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First Lady of First Impressions: Sandy Dumont, The Image Architect

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Quick. What color is the Mona Lisa's dress? If you answered "black" or couldn't recall, you're not alone. Most people, when conjuring up images of the world's most enigmatic woman, remember the deft curl of her smile, the softness of her eyes. And according to Sandy Dumont, The Image Architect®, that's a good thing. That we remember the Mona Lisa's overall effect rather than the details of her dress is indicative of the success of her image. The sum, Dumont reminds her clients, is greater than the parts.

However, there is one addendum to this proverb. "The devil is in the details," Dumont warned with a chuckle. In other words, one wrong turn can put the kibosh on the whole deal. Those shoes or that tie can sink the most precious cargo you carry—your image.

Dumont's talent lies in her supreme ability to detect those fiendish details that may have implications as far reaching as lost job promotions, killed deals, and ruined sales. She assesses her clients' appearances with the cool, sharp eye of a forensic scientist. In fact, that's how she earned her name. "You're so technically oriented," one of her male clients said. True, but technical, in Dumont's case, doesn't mean boring. Her philosophy? "You've got to stand out from the herd. You want to have distinctive styles."

From Norfolk, VA, to Washington, DC, to Brussels, Belgium, Dumont has spread her image insights to a bevy of clients including such Fortune 500 companies as Lancôme, Sheraton Hotels, TWA, Farmers Insurance, Rolex, ITT, Yves St. Laurent Cosmetics, and American Express Financial Services. A graduate of the John Robert Powers Fashion & Finishing School, former faculty member at The Barbizon School, founder of Impressions Strategies Institute, and founder of the World Association of Image Consultants (and that's only skimming the top of her list of credentials), Dumont uses her art and psychology background to change antiquated perceptions of what's professional and classy by ditching conventional consulting practices and adopting a holistic approach to image.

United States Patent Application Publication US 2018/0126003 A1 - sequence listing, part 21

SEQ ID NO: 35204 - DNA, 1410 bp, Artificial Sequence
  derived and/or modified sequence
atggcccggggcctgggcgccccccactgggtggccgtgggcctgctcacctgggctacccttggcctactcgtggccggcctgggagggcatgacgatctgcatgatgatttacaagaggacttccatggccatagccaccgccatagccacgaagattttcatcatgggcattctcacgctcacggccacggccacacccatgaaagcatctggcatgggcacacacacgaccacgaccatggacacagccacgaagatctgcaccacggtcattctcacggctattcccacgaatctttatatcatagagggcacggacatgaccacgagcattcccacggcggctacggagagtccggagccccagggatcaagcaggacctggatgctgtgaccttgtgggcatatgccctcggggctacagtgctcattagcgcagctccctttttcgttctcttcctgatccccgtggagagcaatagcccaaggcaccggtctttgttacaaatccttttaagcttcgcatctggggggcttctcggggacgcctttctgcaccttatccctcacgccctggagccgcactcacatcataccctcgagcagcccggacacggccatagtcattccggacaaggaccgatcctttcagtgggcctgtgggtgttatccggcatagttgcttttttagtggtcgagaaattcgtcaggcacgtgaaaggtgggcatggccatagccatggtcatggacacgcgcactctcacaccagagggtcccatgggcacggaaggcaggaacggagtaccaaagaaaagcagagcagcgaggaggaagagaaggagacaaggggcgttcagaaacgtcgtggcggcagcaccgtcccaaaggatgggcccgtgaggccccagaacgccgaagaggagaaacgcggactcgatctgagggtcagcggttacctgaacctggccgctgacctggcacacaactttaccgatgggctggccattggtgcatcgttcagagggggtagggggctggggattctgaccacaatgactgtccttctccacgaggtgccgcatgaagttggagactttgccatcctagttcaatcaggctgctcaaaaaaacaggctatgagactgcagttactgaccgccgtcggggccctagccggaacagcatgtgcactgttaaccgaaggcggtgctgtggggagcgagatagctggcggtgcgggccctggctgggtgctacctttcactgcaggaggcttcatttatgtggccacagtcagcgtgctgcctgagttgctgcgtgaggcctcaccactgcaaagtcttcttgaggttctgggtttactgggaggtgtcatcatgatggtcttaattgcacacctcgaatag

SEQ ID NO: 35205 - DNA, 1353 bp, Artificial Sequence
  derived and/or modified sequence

We've all heard the rules about matching our skin and hair colors to our clothes or letting our sunnier-than-sunny dispositions radiate through vibrant lime and chartreuse colors. Those are the tickets to looking our best, right? Wrong!

"Your skin is the only thing you look at when determining your colors," Dumont said. "Hair takes care of itself. Eyes take care of themselves."

And for that reason, she warns blondes and fair-skinned women to steer clear of the pastels and "food colors"—ketchup, mustard, lemon, lime—that they traditionally favor, claiming such colors will wash them out and/or make them look garish, not to mention less credible.

Similarly, matching your personality to colors won't always be flattering or bolster your professional presence. For example, shy gals who stick to light pinks and purples will only play up their shyness. Dumont insists that women ditch men's blazers as well. Who wants to look like she's playing dress up in her father's clothes? Instead, choose fitted jackets in distinctive, bold-but-classy colors such as navy blue, emerald green, royal purple, and cherry red.

Dumont's also a fan of fuchsia lipstick, especially for younger women in their 20s and early 30s. But before you scream, "The horror! The horror!" consider her reasoning. Wearing fuchsia lipstick, "you will go up a notch in credibility; you will be perceived as having more experience in the working world. You'll make a bigger impact." But won't younger women look like they're copying their mothers? No way, according to Dumont. "You can't possibly look like your mother," she promised.

Q. What do you like to do for fun?
A. Astrology, Pilates, playing with my cat, Muffin, and going places with my husband.